Having New Year’s resolutions is a tradition. The start of the new year is a good time to stop and think about what we want to do better in our lives. There are many typical resolutions which people often give up on, such as eating healthier or exercising more, but what about in the garden?
We can make New Year’s resolutions for our own garden and become better for it. Many of you know how I feel about using only native plants, and that would be a great choice for a resolution, but you can always start smaller.
A great New Year’s resolution is to start adding native plants in your current garden. If you aren’t ready to completely switch over to a native garden, adding just one or two native plants may change your mind in the long run. Start with some of the more commonly grown native plant species in your area. In the US, Orange Milkweed is a phenomenal way to make your entrance into native gardening. It can be found at many garden centers, and seed packets are even easier to find. It’s a plant that will look good in most gardening styles, as long as it has sun.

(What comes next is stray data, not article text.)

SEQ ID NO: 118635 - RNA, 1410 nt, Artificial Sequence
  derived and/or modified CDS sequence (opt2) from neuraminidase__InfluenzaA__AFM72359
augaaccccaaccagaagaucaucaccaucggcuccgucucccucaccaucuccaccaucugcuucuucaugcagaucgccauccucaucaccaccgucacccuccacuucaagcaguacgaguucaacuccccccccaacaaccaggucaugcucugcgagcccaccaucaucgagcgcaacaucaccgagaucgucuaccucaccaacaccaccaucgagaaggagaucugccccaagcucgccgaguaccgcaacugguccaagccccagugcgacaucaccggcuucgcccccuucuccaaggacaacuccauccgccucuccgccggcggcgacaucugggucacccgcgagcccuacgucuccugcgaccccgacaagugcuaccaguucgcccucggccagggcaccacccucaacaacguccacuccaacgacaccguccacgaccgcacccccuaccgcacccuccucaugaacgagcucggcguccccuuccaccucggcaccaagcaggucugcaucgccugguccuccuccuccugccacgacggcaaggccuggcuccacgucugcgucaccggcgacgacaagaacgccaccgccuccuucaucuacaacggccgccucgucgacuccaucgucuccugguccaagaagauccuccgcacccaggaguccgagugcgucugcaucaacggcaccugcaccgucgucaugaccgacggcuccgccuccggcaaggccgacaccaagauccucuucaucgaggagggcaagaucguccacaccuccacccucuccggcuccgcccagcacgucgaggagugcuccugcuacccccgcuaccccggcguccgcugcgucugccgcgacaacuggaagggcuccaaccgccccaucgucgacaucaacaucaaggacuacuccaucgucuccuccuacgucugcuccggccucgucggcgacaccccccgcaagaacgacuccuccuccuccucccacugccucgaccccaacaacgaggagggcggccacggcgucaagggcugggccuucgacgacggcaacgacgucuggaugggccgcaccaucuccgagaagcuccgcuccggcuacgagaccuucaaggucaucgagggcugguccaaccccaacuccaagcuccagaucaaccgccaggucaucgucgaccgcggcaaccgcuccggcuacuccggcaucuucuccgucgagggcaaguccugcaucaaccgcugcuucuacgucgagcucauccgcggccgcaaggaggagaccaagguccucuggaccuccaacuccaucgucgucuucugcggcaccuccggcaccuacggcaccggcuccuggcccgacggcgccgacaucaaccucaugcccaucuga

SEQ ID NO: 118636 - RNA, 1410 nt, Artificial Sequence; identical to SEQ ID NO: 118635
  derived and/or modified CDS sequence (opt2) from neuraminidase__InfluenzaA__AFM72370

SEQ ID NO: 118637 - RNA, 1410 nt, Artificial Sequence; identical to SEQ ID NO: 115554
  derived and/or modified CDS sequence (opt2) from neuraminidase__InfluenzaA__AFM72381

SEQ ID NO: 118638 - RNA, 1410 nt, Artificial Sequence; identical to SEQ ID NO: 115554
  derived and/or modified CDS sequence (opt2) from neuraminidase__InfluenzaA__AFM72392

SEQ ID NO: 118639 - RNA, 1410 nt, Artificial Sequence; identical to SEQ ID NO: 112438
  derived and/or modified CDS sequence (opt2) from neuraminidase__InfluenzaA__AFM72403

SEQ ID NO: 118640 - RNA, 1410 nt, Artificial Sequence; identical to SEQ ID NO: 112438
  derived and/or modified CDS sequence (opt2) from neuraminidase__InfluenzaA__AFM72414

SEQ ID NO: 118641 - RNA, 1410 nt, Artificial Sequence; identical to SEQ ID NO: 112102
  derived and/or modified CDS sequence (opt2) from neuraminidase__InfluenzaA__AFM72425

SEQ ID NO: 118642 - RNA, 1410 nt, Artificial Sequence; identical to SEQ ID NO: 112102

Now that I think about it, I gave both my mom and my grandma one this past Spring. They, as many people are, were unsure of it because of the name “milkweed”. I told them to just wait and see, and if they didn’t like it, I’d remove it for them. By late summer, the plants started to bloom and both my mom and my grandma instantly realized how much they love it. Since then, one of my Grandma’s friends and my aunt both want some for their own gardens after seeing it in hers.
It doesn’t surprise me. It’s a beautiful plant, as are many native species, but people have such a hard time changing their mind until they see it in person, and often times people refuse to see something in person if they’ve already made their own opinion about it. Had I not planted those milkweeds with the promise to remove them if they didn’t like them, my mom and my grandma would’ve never even considered adding something called “milkweed” to their gardens. Now they both have a plant that they each consider to be their favorite.
Orange Milkweed is only the tip of the iceberg. If you give native plants a chance, you may open up what seems to be a whole new world of gardening. You may see gardening in a completely new way. There’s a deeper meaning to native gardening that you can’t quite understand until you start it, and until you learn about it.
With a new year right around the corner, think about making a difference in your garden. I’m personally asking you to make your New Year’s resolution be about native gardening. The best possible time to start is now. In 2016, I hope to make many more posts about native gardening. I want to share my experiences. I want to share what I’ve learned. I want to share the interesting creatures that rely on them, and I want to share photos I take of my own native plants to show that native plants are truly beautiful.
Happy New Year, everyone.